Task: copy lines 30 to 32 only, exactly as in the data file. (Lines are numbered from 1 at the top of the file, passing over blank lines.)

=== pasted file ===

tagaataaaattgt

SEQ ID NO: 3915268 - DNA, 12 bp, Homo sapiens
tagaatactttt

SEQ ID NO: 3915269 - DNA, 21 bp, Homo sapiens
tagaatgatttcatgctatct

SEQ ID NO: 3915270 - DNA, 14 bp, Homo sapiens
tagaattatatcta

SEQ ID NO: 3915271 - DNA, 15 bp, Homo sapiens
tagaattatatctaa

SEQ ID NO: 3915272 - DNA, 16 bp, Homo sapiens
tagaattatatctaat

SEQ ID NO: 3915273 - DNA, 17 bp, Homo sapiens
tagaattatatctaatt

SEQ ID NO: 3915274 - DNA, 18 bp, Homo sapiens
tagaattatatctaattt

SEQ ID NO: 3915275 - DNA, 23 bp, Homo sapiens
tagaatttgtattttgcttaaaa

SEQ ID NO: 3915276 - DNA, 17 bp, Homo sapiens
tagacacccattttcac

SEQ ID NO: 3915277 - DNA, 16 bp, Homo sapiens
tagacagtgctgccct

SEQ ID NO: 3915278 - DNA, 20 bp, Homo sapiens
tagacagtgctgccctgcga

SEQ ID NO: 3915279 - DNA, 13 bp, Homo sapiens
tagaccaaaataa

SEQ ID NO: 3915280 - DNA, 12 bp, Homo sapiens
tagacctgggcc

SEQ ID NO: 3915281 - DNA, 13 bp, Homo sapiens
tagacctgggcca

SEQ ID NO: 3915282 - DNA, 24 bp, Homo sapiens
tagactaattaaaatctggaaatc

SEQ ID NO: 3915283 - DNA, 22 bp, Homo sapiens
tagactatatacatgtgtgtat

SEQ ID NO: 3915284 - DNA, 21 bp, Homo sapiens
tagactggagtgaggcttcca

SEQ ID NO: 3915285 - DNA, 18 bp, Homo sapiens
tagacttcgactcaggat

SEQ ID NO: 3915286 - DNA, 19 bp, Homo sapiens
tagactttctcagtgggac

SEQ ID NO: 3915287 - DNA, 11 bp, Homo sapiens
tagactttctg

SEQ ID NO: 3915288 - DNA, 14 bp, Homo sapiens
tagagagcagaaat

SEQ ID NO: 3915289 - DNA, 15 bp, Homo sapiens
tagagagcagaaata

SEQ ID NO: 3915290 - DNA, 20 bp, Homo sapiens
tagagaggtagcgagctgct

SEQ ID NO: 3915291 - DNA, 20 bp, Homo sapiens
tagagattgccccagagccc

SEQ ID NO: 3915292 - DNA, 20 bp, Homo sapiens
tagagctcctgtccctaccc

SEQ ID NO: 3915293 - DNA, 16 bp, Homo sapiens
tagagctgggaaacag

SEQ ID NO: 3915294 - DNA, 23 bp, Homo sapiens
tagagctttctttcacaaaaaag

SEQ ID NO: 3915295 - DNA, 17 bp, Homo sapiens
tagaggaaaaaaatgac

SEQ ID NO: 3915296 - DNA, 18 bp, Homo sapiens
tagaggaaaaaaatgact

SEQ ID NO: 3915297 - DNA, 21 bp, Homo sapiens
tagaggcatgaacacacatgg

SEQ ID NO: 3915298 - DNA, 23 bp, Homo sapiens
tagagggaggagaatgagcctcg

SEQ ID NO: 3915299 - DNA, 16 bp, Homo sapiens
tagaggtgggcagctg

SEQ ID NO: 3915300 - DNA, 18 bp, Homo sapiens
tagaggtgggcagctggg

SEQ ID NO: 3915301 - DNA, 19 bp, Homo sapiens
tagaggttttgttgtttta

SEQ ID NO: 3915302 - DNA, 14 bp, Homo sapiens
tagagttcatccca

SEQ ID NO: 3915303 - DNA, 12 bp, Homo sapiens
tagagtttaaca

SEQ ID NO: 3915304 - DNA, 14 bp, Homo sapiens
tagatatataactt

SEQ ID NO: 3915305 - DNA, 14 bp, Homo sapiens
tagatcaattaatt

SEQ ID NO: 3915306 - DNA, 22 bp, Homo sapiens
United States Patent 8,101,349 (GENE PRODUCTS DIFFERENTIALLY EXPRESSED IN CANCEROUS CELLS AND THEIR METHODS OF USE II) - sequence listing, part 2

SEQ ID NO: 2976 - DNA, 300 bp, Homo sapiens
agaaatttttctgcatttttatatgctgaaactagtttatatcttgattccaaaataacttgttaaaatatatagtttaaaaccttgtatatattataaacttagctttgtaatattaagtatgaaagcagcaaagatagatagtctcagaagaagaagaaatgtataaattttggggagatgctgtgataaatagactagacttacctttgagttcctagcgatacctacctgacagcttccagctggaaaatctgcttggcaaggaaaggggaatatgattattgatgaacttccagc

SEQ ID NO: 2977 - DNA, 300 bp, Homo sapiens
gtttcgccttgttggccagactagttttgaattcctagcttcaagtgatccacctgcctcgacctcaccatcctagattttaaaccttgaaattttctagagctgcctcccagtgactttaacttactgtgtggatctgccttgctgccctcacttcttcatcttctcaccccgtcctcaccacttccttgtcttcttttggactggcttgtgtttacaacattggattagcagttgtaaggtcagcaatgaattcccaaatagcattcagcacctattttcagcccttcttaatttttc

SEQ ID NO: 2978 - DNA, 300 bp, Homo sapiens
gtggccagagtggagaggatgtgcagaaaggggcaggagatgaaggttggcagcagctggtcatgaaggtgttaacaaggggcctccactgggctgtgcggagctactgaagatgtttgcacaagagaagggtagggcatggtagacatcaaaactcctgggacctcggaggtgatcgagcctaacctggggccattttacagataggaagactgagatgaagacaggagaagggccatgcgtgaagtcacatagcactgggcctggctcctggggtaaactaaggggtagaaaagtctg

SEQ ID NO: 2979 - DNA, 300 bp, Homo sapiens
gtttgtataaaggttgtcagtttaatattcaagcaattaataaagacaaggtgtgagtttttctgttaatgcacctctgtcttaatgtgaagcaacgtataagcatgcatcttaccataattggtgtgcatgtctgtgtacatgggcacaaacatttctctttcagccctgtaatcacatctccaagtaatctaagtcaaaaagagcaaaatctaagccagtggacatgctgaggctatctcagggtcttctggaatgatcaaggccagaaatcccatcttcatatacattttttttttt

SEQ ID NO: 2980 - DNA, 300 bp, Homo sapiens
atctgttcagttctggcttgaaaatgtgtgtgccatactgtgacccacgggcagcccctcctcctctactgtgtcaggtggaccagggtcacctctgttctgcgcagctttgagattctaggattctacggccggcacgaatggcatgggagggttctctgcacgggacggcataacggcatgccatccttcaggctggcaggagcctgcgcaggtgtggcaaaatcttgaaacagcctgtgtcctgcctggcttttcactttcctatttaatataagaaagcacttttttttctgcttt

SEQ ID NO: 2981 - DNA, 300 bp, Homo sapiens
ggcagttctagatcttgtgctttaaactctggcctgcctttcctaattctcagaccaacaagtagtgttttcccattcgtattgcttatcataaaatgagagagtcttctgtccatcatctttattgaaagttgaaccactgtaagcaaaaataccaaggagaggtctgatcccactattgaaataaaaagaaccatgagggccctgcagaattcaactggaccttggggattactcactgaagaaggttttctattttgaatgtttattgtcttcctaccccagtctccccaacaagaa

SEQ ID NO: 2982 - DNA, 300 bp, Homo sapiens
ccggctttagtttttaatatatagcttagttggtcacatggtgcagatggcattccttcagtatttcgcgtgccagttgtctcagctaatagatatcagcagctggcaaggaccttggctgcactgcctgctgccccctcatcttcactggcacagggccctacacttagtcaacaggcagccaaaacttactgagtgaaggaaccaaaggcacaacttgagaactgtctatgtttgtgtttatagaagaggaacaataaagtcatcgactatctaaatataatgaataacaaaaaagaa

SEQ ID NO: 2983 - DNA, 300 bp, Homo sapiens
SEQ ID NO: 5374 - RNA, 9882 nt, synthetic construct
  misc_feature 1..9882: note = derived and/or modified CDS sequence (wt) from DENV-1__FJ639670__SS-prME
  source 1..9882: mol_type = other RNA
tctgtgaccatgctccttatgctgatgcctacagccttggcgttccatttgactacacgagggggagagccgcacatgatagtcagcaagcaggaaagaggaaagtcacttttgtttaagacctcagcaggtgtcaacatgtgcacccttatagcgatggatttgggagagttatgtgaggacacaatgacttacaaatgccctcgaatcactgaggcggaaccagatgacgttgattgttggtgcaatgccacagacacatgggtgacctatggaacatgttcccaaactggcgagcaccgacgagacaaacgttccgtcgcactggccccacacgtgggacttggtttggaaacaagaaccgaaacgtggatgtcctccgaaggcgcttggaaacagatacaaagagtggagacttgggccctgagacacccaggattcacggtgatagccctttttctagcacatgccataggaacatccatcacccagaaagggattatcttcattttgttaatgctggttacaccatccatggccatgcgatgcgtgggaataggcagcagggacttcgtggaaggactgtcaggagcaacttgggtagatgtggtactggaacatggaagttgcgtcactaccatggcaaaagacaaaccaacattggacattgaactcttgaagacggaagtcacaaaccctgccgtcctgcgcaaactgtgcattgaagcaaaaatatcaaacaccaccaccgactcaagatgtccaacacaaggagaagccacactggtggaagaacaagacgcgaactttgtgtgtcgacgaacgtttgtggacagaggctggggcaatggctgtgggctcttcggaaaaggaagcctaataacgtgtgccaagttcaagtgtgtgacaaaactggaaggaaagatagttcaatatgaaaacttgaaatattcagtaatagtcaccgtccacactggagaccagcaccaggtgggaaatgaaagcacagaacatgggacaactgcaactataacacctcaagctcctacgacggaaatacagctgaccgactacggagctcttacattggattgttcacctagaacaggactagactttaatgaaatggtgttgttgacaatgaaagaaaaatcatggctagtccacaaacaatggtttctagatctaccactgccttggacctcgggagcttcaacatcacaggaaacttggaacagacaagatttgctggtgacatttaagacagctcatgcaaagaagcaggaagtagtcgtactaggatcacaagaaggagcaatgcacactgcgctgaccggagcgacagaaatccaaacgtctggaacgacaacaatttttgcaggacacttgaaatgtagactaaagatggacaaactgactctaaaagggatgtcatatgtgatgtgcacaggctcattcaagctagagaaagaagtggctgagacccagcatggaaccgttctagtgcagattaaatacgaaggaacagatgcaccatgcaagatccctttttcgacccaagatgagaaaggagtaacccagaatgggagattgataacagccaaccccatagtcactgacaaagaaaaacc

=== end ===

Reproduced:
SEQ ID NO: 3915282 - DNA, 24 bp, Homo sapiens
tagactaattaaaatctggaaatc

SEQ ID NO: 3915283 - DNA, 22 bp, Homo sapiens